When government-imposed price limitations cause shortages, black markets might emerge. After a natural disaster, for example, if the government regulates the price at which a grocery shop may sell bottled water, the business will rapidly run out of water. Vendors will most likely come and begin selling water at the higher rates that consumers are prepared to pay. This is an example of a secondary black market.

  • Economy driven black market:

High unemployment might also lead to the emergence of black marketplaces. Workers may turn to the subterranean economy if they are unable to find work in the above-ground economy. These occupations might be innocuous (but they are paid in cash and the money is not reported to the tax authorities) or as grave as selling cocaine (where not only the sale of the product itself but also the non-reporting of taxable income is illegal).

Case study of India’s Covid-19 Black Market:

The population of India in this pandemic is taking desperate steps to keep loved ones alive as a disastrous spike of coronavirus infections overwhelms the country’s healthcare infrastructure. They are turning to dubious medical therapies in some circumstances, and to the black market for life-saving pharmaceuticals in others. Even though India is the world’s biggest manufacturer of pharmaceuticals, drug control in the country was weak even before the outbreak. And people are willing to attempt everything, even dealing in the underground market in the desperate hunt for medicine. Few drugs known to help treat Covid-19, such as remdesivir, which is manufactured by multiple Indian businesses, have grown up to 20-fold in black market rates, reaching almost $1,000 for a single vial.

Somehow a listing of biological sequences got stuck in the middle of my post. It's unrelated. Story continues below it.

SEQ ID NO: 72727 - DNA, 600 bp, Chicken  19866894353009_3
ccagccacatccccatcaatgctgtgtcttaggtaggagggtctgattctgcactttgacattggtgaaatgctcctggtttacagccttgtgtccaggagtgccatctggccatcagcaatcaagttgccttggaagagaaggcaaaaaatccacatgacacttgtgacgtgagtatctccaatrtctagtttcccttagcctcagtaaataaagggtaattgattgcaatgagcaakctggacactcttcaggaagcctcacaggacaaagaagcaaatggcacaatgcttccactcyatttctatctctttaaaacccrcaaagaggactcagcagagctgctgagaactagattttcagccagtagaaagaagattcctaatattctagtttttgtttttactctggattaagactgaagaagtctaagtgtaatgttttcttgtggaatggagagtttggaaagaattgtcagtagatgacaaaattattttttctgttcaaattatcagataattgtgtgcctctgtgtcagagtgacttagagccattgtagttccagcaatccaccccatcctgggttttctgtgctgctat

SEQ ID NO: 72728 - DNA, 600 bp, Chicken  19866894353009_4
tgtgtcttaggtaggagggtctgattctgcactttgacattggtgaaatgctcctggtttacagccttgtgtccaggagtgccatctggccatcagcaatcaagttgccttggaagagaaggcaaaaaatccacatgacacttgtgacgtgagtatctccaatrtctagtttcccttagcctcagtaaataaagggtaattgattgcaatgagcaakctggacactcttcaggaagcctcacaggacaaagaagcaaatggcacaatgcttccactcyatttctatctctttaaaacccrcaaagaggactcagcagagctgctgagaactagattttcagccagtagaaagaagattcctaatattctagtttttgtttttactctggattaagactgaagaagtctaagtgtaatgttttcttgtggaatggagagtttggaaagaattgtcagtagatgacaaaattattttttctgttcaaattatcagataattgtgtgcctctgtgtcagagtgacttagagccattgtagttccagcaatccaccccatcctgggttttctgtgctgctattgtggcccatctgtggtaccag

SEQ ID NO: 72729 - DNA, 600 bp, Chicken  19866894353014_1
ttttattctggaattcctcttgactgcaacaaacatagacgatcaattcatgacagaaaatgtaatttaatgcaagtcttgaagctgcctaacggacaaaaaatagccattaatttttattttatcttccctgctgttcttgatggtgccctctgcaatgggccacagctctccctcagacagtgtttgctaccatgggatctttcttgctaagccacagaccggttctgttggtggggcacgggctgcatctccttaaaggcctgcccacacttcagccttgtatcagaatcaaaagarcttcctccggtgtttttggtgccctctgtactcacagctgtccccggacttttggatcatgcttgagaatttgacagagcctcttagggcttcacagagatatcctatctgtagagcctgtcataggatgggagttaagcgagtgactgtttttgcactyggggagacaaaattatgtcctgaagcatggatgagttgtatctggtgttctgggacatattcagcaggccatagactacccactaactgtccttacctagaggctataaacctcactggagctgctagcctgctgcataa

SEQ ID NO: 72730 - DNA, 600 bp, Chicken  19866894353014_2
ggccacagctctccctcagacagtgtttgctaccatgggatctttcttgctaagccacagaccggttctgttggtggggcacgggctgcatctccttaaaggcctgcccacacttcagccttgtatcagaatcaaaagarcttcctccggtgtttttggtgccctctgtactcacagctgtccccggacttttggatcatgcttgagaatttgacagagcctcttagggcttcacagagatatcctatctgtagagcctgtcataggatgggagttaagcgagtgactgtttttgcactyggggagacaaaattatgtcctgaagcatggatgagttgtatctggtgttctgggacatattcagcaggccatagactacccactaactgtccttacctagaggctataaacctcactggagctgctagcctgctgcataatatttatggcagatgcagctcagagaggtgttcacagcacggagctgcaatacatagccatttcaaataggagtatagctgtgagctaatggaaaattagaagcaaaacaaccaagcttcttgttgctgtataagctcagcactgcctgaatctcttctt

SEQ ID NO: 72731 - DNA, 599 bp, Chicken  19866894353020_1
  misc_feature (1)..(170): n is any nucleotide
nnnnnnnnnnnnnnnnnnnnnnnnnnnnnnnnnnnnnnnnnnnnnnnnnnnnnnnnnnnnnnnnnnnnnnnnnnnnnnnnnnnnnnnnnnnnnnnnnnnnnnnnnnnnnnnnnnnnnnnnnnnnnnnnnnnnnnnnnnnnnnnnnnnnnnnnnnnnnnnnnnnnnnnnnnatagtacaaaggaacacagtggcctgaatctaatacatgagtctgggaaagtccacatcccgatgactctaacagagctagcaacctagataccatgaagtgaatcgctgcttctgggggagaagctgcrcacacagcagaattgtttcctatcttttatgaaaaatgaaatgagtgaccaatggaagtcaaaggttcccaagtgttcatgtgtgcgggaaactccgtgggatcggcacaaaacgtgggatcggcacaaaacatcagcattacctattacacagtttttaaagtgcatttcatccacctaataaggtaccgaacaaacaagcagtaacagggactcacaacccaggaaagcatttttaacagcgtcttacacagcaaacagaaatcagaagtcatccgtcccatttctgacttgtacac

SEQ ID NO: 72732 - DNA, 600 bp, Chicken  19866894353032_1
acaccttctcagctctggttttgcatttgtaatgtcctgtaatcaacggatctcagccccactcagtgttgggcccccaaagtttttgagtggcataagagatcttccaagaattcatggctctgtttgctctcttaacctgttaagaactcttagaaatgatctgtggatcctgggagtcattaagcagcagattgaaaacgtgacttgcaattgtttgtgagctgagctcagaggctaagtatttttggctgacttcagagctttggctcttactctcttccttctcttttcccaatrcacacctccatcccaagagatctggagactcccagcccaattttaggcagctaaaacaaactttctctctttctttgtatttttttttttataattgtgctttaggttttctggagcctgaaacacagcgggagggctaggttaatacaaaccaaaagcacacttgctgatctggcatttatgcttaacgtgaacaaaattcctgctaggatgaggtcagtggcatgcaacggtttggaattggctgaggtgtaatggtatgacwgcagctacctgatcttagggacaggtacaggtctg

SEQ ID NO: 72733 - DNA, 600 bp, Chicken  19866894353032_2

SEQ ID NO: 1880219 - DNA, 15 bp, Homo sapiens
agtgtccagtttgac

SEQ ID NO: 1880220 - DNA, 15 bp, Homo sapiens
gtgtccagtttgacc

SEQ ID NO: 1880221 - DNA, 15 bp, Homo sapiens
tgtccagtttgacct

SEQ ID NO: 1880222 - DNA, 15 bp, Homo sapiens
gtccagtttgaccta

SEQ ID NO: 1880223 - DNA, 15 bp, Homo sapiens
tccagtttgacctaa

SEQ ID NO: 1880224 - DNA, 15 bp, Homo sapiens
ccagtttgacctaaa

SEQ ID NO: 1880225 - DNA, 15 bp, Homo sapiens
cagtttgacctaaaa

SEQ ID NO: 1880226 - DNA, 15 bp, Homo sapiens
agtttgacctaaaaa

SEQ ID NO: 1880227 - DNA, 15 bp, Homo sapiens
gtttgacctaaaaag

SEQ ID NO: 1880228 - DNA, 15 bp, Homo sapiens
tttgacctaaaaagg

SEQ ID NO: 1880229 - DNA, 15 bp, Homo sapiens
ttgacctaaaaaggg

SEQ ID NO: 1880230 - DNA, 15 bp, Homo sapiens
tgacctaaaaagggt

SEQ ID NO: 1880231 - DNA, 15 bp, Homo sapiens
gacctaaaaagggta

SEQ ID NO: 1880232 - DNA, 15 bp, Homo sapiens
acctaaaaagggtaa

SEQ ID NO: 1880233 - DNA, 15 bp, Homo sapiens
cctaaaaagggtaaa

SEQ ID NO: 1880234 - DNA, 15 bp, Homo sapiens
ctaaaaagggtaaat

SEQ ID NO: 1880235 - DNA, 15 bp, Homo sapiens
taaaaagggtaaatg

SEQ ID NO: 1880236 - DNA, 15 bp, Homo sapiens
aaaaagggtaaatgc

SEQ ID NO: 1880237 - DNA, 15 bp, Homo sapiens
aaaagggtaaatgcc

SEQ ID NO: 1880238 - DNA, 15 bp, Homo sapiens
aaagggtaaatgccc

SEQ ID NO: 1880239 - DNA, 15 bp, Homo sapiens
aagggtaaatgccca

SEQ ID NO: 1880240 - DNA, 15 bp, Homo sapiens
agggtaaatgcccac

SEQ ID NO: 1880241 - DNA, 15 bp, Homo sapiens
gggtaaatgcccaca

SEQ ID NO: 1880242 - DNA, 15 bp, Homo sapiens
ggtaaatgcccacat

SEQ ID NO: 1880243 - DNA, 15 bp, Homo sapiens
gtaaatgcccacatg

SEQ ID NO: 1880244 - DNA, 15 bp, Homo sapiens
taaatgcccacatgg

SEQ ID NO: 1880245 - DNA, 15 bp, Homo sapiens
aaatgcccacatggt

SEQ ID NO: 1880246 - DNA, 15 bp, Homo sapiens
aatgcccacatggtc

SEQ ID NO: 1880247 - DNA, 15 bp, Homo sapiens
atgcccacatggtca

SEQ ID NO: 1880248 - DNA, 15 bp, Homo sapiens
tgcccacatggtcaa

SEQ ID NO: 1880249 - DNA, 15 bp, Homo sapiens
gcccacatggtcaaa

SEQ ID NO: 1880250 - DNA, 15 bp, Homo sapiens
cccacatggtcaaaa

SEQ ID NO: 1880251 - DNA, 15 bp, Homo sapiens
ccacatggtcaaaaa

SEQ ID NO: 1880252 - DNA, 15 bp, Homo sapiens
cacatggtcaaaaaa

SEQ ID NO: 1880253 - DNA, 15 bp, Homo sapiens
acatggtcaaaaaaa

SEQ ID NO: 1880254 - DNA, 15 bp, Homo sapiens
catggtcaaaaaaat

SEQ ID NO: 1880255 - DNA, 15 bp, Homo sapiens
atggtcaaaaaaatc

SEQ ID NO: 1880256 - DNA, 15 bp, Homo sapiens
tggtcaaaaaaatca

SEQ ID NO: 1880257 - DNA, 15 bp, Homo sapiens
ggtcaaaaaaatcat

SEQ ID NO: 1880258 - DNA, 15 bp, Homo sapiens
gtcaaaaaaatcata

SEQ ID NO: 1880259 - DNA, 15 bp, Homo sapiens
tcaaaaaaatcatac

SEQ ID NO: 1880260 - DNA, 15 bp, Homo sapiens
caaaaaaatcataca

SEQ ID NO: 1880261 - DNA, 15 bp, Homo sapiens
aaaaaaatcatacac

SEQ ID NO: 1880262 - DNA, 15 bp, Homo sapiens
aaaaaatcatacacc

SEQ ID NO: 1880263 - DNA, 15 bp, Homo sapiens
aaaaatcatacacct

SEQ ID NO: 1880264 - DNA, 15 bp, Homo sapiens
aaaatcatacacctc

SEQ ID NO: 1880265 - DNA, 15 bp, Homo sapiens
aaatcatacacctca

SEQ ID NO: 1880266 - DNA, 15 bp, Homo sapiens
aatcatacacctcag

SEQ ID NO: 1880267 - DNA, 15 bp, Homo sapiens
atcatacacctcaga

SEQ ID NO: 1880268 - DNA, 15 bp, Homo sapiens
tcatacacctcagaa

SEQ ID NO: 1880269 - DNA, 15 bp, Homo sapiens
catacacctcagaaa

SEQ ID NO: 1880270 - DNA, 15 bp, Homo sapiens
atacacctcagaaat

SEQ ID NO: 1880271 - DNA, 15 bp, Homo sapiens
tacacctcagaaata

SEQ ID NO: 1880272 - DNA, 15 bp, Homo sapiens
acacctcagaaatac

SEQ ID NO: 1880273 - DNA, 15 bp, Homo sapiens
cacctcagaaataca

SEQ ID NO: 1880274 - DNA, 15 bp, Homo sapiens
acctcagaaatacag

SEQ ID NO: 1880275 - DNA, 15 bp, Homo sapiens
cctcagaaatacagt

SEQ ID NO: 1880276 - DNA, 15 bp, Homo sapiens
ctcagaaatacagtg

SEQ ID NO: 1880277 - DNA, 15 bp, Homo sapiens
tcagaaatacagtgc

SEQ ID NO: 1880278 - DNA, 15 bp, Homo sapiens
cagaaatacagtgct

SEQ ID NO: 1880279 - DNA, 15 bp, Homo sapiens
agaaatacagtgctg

As long as there are restrictions and taxes, black marketplaces will persist. People will always hide their actions from law enforcement agencies, tax officials, and other regulators if laws restrict them from purchasing and selling the goods and services they want, and taxes prohibit them from keeping what they believe is their fair portion of earned wealth.

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Aryan Vora